A Tale of Two Cities:Banda Aceh, New Orleans and humanitarian operations
Paul Currion, Lead Consultant, Humanitarian.info
The international community provides humanitarian assistance through a complex web of agreements and institutions that simultaneously support and obstruct each other in their work. While most support during a disaster is provided by local actors, international organizations often provide the framework for funding and co-ordination of responses in those countries where national or local institutions are unable to cope ñ whether because of the scale of a disaster (such as the Pakistan earthquake) or because of issues around government capacity (such as in the Democratic Republic of Congo).
In recent years, the humanitarian community has undergone a massive transformation ñ one that is still going on today. Partly those changes relate to the political environment in which we operate now, particularly the ëwar on terrorí; partly, they are shaped by the increasing frequency and severity of natural disasters, although many conflict-related emergencies that dominated the 1990s and early 2000s continue. Partly, however, they relate to the way that technology has changed both the response and the context in which that response is made.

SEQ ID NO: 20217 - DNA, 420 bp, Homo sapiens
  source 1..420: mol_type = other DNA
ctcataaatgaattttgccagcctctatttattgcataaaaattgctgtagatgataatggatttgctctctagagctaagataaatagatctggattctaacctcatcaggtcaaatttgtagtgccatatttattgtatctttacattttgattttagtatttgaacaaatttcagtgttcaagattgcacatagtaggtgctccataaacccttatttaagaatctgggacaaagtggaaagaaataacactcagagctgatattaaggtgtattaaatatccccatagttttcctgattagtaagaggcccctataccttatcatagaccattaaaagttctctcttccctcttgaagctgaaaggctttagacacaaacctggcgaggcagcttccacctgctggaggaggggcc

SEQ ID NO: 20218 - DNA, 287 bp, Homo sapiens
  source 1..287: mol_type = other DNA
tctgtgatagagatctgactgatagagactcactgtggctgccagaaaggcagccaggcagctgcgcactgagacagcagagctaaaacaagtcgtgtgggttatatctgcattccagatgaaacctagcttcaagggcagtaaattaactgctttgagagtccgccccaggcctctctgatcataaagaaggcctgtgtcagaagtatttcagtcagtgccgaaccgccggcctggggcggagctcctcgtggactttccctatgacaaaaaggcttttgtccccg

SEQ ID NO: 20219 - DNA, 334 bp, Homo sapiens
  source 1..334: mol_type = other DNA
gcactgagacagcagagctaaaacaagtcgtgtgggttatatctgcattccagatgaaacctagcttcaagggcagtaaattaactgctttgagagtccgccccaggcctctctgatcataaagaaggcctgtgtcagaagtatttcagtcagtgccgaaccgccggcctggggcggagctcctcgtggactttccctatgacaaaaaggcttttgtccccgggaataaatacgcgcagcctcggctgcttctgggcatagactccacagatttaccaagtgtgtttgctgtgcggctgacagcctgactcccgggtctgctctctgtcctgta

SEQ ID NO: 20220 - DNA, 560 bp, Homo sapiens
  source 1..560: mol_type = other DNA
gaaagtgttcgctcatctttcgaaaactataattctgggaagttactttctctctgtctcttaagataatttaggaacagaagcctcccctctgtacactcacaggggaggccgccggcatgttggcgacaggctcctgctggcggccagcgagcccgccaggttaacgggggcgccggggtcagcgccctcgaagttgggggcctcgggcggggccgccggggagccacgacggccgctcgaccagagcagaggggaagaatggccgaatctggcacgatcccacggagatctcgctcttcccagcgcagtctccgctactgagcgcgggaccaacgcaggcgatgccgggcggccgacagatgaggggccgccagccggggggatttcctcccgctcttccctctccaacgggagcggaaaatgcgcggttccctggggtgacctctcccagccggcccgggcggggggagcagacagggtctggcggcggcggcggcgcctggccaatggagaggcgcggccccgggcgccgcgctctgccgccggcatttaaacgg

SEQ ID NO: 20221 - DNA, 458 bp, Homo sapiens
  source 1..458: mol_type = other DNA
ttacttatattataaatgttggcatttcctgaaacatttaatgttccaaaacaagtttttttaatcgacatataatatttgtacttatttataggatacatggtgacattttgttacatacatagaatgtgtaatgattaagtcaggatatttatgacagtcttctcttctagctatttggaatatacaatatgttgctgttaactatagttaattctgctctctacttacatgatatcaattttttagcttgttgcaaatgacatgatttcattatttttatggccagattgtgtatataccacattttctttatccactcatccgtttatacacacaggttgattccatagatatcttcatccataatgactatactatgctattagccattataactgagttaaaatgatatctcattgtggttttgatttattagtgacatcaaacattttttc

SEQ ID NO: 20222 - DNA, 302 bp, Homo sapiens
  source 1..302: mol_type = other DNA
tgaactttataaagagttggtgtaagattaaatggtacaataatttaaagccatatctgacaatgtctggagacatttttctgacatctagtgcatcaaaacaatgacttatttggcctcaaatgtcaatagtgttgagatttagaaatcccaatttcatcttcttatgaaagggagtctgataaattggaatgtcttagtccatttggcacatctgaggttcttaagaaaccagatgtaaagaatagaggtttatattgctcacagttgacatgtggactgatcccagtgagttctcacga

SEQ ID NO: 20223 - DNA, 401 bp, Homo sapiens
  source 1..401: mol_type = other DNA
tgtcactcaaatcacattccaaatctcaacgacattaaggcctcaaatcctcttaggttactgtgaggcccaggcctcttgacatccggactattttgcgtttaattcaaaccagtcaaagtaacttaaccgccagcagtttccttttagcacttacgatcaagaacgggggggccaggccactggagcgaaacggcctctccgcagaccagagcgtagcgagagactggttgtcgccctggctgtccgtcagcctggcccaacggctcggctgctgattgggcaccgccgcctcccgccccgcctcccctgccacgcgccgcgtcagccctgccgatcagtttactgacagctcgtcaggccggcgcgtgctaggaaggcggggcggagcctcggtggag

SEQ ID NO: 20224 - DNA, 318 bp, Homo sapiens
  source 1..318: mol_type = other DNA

While domestic emergency management practice relies on certain assumptions ñ the establishment of clear lines of communication and command, centralized and coordinated decision-making, specialized agencies providing critical public services, continuity of presence (particularly of government) ñ humanitarian actors proceed on directly opposite assumptions. As a result there are critical differences in the design and implementation of information systems for relief and peace operations, compared with the requirements of emergency management.
Comparing the responses to the Indian Ocean tsunami and Hurricane Katrina exposes many of these differences, and raises questions about how compatible the two approaches might be. While there may be lessons for the humanitarian community to learn from the emergency management discipline, what is more important is to build a common language to enable these two sets of actors to co-operate more effectively ñ something that will become increasingly critical as they interact more in future.
Humanitarian Community, Information Systems, Information Management, Disaster Relief, United Nations, Non-Governmental Organizations, Natural Disasters, Complex Emergencies.